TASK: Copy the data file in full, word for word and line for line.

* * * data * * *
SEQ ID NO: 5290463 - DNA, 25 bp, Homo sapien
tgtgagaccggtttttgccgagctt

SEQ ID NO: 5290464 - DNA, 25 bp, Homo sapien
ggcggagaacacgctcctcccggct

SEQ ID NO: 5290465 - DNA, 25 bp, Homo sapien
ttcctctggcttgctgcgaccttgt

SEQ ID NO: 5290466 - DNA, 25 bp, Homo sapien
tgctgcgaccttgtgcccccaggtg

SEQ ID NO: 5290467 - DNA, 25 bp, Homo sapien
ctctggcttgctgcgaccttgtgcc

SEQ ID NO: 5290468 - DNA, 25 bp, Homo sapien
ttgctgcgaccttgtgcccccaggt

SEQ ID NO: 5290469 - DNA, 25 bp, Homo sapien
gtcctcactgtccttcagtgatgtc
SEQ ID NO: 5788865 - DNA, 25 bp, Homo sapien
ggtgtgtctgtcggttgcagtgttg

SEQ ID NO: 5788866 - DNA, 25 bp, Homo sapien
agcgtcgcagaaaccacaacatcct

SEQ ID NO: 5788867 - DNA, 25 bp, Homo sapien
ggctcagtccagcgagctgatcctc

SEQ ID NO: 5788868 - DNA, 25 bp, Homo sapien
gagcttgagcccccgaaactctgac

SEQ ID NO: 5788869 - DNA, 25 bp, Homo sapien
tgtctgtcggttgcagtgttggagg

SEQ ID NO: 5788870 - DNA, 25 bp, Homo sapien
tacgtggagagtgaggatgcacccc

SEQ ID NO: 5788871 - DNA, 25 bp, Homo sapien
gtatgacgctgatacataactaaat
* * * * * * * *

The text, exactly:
SEQ ID NO: 5290463 - DNA, 25 bp, Homo sapien
tgtgagaccggtttttgccgagctt

SEQ ID NO: 5290464 - DNA, 25 bp, Homo sapien
ggcggagaacacgctcctcccggct

SEQ ID NO: 5290465 - DNA, 25 bp, Homo sapien
ttcctctggcttgctgcgaccttgt

SEQ ID NO: 5290466 - DNA, 25 bp, Homo sapien
tgctgcgaccttgtgcccccaggtg

SEQ ID NO: 5290467 - DNA, 25 bp, Homo sapien
ctctggcttgctgcgaccttgtgcc

SEQ ID NO: 5290468 - DNA, 25 bp, Homo sapien
ttgctgcgaccttgtgcccccaggt

SEQ ID NO: 5290469 - DNA, 25 bp, Homo sapien
gtcctcactgtccttcagtgatgtc
SEQ ID NO: 5788865 - DNA, 25 bp, Homo sapien
ggtgtgtctgtcggttgcagtgttg

SEQ ID NO: 5788866 - DNA, 25 bp, Homo sapien
agcgtcgcagaaaccacaacatcct

SEQ ID NO: 5788867 - DNA, 25 bp, Homo sapien
ggctcagtccagcgagctgatcctc

SEQ ID NO: 5788868 - DNA, 25 bp, Homo sapien
gagcttgagcccccgaaactctgac

SEQ ID NO: 5788869 - DNA, 25 bp, Homo sapien
tgtctgtcggttgcagtgttggagg

SEQ ID NO: 5788870 - DNA, 25 bp, Homo sapien
tacgtggagagtgaggatgcacccc

SEQ ID NO: 5788871 - DNA, 25 bp, Homo sapien
gtatgacgctgatacataactaaat